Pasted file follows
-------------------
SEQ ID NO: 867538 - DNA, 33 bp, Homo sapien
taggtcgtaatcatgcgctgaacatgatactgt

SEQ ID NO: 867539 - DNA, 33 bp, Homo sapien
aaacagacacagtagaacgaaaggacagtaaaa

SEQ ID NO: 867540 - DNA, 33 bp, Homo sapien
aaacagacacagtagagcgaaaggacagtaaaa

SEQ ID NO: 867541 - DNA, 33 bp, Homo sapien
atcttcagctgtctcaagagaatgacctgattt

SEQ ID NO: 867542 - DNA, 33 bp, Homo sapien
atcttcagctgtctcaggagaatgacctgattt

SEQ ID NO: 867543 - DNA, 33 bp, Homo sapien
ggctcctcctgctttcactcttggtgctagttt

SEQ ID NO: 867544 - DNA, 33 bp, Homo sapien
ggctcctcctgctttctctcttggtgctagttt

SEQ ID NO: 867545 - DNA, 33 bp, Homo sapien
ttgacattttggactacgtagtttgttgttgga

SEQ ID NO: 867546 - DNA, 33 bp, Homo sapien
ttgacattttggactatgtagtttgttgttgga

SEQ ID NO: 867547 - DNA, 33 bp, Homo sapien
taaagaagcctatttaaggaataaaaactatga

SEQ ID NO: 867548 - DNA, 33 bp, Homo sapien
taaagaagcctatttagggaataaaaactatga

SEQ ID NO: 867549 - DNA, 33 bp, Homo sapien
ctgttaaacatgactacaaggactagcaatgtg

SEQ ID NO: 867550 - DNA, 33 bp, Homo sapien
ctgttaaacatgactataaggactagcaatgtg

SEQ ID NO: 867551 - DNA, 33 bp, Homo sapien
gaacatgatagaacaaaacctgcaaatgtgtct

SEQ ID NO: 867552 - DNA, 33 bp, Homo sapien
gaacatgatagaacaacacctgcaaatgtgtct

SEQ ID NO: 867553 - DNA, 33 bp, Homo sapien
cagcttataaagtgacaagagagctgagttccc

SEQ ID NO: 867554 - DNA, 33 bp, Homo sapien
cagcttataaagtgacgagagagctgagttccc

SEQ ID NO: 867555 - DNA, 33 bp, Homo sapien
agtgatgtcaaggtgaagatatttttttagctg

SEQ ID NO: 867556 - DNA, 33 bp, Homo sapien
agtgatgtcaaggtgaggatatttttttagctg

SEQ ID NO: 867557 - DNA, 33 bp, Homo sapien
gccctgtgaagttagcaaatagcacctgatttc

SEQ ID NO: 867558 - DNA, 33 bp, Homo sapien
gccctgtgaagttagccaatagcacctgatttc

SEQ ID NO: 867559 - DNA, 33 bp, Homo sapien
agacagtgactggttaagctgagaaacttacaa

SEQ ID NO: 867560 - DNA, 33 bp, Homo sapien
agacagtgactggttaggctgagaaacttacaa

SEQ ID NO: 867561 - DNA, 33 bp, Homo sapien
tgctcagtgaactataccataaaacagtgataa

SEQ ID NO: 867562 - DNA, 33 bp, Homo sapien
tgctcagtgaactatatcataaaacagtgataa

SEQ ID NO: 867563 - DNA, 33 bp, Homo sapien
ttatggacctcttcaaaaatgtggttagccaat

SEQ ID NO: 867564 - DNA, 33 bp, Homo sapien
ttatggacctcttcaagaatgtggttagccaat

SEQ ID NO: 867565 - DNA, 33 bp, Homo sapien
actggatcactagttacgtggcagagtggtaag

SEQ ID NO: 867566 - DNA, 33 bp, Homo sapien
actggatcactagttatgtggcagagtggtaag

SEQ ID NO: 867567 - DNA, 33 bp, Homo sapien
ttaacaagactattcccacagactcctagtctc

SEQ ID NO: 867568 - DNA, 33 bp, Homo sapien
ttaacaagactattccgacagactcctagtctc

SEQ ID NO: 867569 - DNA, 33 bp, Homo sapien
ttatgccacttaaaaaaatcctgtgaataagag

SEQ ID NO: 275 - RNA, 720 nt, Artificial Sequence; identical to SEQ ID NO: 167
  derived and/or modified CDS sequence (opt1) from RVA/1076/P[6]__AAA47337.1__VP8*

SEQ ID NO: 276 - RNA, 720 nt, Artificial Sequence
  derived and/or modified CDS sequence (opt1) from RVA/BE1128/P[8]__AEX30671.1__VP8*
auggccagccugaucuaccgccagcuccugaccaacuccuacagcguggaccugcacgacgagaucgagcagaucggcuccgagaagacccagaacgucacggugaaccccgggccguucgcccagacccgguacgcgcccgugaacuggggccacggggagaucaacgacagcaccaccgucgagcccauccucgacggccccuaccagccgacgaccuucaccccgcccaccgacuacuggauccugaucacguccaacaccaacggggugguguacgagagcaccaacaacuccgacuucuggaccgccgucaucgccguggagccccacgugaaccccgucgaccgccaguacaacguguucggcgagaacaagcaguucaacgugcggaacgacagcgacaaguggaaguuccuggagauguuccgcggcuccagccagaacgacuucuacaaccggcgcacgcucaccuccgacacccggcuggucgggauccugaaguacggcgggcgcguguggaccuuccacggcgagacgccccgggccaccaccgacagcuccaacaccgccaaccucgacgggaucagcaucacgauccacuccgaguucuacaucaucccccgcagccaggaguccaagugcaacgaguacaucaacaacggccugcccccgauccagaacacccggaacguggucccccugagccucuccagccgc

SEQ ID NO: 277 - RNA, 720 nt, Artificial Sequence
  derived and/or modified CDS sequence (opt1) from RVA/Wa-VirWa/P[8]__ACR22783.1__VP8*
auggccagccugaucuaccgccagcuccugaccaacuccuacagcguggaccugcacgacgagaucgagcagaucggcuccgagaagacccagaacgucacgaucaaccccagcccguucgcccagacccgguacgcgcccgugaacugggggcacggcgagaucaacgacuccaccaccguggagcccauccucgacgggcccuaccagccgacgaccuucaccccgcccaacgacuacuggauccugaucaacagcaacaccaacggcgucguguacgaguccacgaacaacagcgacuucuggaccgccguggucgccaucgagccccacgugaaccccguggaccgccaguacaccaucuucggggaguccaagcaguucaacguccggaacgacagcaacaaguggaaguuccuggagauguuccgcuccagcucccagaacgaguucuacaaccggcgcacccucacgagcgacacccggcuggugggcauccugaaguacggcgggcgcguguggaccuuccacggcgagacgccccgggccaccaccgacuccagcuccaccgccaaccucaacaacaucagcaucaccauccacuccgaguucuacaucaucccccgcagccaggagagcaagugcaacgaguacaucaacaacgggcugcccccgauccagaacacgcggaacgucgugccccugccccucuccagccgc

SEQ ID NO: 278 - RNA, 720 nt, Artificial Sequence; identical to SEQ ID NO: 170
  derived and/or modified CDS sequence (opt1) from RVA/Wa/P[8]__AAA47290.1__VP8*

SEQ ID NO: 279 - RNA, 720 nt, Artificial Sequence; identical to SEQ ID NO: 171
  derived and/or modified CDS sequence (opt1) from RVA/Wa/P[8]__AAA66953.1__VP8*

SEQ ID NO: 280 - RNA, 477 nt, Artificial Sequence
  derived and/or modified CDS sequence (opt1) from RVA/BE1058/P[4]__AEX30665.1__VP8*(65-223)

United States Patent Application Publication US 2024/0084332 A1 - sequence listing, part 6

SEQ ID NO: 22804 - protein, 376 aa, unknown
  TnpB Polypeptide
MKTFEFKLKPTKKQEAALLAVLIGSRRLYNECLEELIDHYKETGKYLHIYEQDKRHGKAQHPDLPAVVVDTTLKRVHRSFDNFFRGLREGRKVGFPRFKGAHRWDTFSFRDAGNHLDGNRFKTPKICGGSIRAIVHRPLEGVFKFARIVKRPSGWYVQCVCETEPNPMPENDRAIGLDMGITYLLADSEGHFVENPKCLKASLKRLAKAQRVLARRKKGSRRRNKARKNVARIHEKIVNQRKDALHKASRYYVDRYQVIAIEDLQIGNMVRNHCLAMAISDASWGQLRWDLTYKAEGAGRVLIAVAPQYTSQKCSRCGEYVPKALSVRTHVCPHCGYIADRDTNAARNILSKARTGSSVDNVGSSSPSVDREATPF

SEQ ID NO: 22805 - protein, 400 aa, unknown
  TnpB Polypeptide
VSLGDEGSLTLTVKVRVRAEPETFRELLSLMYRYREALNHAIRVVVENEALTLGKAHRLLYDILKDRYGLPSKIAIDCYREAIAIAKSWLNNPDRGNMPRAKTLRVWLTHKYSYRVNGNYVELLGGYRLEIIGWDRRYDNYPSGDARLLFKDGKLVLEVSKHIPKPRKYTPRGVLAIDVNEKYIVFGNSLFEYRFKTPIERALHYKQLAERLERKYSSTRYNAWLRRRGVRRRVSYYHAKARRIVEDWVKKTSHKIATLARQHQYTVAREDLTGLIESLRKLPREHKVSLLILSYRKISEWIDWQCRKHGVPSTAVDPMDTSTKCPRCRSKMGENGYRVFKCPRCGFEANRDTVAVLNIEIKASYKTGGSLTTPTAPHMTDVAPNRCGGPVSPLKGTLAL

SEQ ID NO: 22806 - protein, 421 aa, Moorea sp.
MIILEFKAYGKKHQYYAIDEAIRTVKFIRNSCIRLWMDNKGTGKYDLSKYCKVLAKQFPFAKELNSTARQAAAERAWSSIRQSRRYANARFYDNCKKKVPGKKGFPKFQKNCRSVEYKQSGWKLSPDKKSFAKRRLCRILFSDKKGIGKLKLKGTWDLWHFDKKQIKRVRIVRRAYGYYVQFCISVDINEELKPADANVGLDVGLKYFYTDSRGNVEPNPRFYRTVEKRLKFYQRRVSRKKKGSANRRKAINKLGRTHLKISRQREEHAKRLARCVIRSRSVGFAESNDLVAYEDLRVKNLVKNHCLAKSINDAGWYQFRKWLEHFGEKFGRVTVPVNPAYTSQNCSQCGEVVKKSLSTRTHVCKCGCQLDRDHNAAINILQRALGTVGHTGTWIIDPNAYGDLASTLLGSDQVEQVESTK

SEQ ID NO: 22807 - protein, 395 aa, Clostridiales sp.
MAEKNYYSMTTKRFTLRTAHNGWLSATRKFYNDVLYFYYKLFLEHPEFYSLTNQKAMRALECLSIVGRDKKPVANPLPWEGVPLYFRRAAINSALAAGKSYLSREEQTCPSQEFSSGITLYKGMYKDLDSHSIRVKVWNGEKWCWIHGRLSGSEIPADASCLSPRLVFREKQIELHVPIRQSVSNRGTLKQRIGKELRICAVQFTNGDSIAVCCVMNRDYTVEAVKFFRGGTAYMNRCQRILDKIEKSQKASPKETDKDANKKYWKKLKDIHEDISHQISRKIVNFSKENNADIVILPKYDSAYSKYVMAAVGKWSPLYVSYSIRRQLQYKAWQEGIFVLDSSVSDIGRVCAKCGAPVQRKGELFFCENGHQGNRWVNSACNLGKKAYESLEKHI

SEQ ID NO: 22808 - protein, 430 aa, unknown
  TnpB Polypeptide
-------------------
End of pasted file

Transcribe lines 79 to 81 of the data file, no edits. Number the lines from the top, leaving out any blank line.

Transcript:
United States Patent Application Publication US 2024/0084332 A1 - sequence listing, part 6

SEQ ID NO: 22804 - protein, 376 aa, unknown
  TnpB Polypeptide